Performer’s Spotlight - Joani Peacock
Mind Over Matter,' our upcoming show on living with mental illness, has a lot to teach all of us. Joani Peacock, one of the veteran storytellers performing that evening, has taken the time to elaborate on her own experiences
Have you ever found it difficult to explain to someone what it’s like suffering from a mental illness?
Well I wasn’t diagnosed until I was 48 years old, so it takes a while for someone to understand it for themselves first. But what I tell people that around 5 years ago I came out of this particular closet to help people understand that what goes wrong with our brains is just like what goes wrong with your heart. And people kept telling me “you can’t tell anyone because you might not get a job again”, with the stigma and the stereotypes, but the only way I can change that is by telling the truth. This way people can meet me and really understand me.
So I came out of my closet, and 2 years ago I started writing stories about it called ‘Unorthodox and Unhinged’, because I also grew up in a bipolar house. You can quote people statistics until you’re blue in the face and it won’t give an impact, but you can tell a story, and it’s like meeting a gay person: stereotypes melt away when you know your brother or your best friend is gay because they’re real to you. So I figure this is what I can do to make a difference - tell the truth.
Do you feel like your mental illness has become part of your self-identity?
Oh yeah, very much. There’s a misunderstanding about bipolar disorder. People think it means you’re really sad or really happy. Those are human emotions that flow and fall. Bipolar being a mood disorder means on the manic side, your world gets bigger and bigger and your head gets bigger. If it’s not managed, your head can smash.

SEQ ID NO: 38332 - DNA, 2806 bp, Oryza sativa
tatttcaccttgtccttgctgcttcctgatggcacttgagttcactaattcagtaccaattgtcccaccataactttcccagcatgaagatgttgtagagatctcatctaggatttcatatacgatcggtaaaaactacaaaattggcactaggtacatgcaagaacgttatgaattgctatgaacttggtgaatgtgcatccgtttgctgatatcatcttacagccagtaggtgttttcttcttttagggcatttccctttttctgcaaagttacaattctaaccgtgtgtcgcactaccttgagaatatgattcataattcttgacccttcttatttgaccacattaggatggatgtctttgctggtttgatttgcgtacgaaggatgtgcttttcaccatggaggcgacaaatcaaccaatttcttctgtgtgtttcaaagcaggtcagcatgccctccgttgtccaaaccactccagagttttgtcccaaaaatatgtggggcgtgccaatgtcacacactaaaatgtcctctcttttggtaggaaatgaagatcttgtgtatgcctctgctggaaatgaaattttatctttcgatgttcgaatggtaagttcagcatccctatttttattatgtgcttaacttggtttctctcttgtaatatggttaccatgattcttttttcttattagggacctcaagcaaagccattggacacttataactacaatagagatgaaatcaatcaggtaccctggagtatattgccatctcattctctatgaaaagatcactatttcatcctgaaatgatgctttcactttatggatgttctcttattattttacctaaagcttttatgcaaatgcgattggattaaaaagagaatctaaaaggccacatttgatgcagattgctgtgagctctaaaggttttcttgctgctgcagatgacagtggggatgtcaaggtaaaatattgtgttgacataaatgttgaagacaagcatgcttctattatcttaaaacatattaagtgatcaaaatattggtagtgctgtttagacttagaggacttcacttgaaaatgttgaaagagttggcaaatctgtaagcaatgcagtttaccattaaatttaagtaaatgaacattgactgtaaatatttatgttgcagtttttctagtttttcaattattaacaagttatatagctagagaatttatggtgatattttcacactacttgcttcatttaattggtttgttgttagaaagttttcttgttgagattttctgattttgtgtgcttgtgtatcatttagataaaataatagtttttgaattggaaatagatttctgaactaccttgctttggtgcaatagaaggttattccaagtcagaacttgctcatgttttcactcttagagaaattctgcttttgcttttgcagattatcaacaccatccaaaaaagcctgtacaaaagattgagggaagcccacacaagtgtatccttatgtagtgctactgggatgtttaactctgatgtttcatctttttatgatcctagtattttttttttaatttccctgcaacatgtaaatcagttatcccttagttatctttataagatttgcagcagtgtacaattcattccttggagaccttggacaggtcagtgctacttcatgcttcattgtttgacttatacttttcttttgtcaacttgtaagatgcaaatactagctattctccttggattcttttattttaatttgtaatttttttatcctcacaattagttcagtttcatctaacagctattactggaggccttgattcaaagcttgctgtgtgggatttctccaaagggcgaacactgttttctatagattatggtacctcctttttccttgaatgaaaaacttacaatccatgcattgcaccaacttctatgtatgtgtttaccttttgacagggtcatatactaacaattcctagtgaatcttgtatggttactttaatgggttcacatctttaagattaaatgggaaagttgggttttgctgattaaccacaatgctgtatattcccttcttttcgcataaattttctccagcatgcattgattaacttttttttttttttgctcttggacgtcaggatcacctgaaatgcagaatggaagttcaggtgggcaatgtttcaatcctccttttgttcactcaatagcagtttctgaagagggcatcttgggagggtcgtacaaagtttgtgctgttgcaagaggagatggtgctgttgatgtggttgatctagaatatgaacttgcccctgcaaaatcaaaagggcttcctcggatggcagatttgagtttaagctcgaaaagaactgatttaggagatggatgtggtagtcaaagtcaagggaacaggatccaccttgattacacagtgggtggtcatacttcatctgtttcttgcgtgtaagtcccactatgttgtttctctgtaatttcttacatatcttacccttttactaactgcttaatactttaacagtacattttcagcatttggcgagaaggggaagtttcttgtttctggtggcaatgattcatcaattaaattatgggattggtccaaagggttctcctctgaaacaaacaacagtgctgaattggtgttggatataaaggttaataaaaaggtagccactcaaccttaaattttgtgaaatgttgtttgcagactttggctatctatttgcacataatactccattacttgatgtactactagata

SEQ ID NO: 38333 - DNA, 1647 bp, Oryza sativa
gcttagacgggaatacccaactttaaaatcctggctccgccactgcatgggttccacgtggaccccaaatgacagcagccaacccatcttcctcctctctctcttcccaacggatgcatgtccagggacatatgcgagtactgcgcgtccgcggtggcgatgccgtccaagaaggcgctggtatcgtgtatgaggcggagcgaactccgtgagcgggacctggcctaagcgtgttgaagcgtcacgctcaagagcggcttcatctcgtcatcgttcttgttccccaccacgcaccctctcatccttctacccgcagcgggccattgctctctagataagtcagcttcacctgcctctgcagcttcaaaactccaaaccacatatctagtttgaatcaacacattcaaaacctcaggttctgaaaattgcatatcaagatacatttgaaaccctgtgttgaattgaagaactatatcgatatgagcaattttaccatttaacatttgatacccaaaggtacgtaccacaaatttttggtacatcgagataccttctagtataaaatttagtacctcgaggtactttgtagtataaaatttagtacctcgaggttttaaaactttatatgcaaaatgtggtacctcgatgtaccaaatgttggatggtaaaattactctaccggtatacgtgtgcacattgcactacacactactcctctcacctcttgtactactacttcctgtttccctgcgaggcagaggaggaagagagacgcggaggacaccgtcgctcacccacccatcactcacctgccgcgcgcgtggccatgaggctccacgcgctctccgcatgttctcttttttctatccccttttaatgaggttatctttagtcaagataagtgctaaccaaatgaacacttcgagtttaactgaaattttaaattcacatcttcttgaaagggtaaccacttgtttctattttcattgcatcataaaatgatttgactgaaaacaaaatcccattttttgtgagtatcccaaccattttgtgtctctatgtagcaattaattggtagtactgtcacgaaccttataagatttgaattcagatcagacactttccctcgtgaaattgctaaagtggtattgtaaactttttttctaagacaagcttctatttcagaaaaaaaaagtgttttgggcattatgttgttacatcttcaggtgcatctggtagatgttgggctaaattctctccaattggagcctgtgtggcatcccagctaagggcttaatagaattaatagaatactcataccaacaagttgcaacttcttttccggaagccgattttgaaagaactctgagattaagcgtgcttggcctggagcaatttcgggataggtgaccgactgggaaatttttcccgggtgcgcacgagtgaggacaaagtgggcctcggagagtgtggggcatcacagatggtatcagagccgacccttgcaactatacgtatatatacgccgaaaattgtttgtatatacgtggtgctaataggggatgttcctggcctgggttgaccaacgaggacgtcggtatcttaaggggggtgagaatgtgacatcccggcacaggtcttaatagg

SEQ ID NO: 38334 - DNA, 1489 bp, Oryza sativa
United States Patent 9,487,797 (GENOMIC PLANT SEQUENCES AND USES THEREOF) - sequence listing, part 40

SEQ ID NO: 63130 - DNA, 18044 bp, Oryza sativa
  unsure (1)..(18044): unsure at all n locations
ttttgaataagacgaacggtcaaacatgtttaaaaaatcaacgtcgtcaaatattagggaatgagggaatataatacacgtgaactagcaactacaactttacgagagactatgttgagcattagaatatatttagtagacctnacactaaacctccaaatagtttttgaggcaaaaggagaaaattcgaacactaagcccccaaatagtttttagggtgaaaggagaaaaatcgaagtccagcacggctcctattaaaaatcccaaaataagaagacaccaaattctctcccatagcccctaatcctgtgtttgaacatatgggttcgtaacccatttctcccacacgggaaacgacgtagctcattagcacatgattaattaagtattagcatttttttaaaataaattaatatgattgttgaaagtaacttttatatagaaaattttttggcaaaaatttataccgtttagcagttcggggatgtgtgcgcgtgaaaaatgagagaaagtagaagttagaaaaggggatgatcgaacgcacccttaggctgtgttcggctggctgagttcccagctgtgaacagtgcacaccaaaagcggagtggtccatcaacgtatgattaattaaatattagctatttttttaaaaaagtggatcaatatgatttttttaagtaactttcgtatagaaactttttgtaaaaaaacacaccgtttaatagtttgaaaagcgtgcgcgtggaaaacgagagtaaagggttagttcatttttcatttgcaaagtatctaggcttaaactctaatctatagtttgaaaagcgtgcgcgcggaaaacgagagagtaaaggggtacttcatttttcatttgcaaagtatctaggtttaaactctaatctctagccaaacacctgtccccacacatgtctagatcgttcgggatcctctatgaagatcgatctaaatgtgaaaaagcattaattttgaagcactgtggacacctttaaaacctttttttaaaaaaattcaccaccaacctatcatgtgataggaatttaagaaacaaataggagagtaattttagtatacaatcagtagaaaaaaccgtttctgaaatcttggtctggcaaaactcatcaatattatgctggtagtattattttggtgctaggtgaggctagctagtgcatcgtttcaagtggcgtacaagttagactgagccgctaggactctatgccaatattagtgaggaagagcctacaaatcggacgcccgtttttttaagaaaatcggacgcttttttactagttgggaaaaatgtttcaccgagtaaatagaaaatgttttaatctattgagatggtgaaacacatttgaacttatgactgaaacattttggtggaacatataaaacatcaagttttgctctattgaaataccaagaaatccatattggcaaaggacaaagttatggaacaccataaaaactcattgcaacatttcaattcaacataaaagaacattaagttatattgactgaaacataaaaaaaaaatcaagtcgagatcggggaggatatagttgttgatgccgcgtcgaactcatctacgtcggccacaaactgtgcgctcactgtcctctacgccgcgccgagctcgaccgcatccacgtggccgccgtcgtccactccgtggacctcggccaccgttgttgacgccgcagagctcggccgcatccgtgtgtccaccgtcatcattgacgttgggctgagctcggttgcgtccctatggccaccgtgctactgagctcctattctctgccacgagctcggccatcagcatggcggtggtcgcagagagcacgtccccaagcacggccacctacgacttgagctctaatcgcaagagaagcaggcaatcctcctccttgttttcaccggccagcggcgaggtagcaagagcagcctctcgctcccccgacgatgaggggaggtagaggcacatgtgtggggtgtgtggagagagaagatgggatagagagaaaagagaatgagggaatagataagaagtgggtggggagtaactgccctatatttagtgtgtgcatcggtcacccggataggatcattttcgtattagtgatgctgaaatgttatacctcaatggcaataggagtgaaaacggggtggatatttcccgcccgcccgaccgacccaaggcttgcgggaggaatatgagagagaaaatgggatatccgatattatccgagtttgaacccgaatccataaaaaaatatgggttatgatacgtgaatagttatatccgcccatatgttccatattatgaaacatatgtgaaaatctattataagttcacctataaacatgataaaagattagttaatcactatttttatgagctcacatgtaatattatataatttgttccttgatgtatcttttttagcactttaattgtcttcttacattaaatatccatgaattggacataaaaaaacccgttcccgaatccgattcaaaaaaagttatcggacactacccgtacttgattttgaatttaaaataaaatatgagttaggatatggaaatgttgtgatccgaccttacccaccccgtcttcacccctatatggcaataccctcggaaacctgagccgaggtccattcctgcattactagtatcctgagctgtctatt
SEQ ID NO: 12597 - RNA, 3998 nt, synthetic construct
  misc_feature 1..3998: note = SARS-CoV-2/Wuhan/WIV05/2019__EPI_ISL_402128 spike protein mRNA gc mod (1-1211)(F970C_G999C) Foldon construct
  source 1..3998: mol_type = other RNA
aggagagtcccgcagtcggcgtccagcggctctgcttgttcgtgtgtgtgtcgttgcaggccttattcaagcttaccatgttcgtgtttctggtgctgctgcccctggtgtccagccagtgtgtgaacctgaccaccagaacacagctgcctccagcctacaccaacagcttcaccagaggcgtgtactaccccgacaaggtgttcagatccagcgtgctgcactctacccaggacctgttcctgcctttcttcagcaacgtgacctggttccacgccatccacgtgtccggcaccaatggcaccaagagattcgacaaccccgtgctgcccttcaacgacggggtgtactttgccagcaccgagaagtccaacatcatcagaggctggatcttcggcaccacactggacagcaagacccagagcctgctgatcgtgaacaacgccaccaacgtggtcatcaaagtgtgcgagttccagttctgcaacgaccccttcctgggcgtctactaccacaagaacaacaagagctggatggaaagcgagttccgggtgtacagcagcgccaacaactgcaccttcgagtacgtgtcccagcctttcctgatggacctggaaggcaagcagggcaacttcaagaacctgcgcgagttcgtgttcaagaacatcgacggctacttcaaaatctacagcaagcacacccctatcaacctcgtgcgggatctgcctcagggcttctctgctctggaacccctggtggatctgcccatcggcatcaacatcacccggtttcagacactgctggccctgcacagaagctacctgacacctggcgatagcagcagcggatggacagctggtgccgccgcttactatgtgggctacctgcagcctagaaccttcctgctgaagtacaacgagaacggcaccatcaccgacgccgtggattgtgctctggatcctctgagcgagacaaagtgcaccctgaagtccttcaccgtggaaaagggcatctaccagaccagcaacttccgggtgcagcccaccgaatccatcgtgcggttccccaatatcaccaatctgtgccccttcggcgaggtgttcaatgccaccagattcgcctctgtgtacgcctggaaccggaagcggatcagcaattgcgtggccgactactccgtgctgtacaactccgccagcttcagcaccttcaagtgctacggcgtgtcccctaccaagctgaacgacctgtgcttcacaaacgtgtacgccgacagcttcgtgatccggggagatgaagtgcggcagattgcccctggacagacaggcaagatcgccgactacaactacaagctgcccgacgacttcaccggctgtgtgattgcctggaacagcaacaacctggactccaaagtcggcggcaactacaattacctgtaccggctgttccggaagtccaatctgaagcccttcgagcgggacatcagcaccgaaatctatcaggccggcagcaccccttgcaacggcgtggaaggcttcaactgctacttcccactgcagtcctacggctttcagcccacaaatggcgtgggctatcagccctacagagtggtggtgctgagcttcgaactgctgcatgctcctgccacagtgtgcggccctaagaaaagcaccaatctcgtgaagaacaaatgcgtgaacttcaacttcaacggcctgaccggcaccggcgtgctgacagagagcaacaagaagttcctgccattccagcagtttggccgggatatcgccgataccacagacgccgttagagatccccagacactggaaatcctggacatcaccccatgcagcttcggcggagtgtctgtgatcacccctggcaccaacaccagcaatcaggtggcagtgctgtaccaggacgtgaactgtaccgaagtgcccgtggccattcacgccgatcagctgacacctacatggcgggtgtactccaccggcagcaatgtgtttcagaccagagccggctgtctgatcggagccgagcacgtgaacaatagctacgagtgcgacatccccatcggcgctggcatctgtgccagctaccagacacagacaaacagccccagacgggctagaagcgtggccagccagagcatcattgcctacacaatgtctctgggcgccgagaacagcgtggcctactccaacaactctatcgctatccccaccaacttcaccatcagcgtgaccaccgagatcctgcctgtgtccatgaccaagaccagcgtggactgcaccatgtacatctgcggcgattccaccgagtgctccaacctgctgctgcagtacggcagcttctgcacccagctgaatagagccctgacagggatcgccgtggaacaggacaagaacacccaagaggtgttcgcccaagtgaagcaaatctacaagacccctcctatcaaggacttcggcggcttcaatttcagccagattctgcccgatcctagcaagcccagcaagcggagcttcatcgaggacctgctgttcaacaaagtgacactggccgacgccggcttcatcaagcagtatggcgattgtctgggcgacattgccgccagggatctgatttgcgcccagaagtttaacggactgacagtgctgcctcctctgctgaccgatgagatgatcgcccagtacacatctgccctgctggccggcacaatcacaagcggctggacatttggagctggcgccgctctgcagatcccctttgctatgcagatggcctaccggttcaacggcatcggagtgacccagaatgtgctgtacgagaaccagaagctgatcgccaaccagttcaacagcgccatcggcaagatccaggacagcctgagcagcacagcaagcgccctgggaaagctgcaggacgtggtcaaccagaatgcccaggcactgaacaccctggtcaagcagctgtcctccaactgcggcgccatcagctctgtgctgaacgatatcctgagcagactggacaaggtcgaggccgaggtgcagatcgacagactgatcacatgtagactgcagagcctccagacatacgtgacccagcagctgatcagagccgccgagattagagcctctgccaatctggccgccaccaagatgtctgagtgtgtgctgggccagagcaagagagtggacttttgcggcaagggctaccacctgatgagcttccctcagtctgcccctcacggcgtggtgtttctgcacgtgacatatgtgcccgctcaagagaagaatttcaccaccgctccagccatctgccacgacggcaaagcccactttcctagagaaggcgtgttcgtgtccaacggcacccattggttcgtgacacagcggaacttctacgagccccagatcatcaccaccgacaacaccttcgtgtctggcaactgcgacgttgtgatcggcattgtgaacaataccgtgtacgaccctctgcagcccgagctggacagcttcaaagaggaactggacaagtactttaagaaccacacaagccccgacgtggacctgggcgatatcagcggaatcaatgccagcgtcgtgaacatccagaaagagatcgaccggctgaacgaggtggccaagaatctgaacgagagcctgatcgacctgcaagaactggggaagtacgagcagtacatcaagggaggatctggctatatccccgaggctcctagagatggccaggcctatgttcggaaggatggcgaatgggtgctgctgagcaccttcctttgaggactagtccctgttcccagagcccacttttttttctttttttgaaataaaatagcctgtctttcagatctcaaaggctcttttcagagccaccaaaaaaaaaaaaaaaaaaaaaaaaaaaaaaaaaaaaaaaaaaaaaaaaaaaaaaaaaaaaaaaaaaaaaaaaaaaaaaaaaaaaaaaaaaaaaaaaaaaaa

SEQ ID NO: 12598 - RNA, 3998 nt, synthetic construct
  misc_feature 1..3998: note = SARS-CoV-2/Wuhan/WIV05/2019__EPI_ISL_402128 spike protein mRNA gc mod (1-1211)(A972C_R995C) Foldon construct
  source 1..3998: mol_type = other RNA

Does telling a story about mental illness differ from any other kind of story you might tell?
I think when you first tell your story it’s risky, because of the stigma. But one thing Story District does, even when the story isn’t about such a serious topic, it’s always about first person stories. I just did a second Tuesday story and I picked a story that I thought was light hearted and funny about keeping a date. And even though it was light hearted, it really was deeply personal just like telling a story about being in a mental hospital. I’m hoping to help normalize these stories, so it feels like talking about getting a date.
Does it feel different than telling this kind of story to your friends, family, or coworkers?
Yeah, I mean talking to an audience is very public. There’s a vulnerability, and I know that even from being a preacher. You can craft what you’re saying, but with 100 people there are 100 different interpretations. So once I tell it, it doesn’t belong to me anymore. But it’s also incredibly empowering. There’s nothing I’m more proud of than having told this story last year. I could not have imagined it being any better. And it helps to normalize these stories: they can laugh, and recognize themselves or their friends in our stories.
Does it help to hear other people’s stories about their own mental illnesses?
I feel very privileged to hear them. I feel honored because I told a similar story, but everyone’s story is very unique. They are so touching and humanizing. Community relationship building means we’re not telling them in isolation. We’re people who travel in similar circles.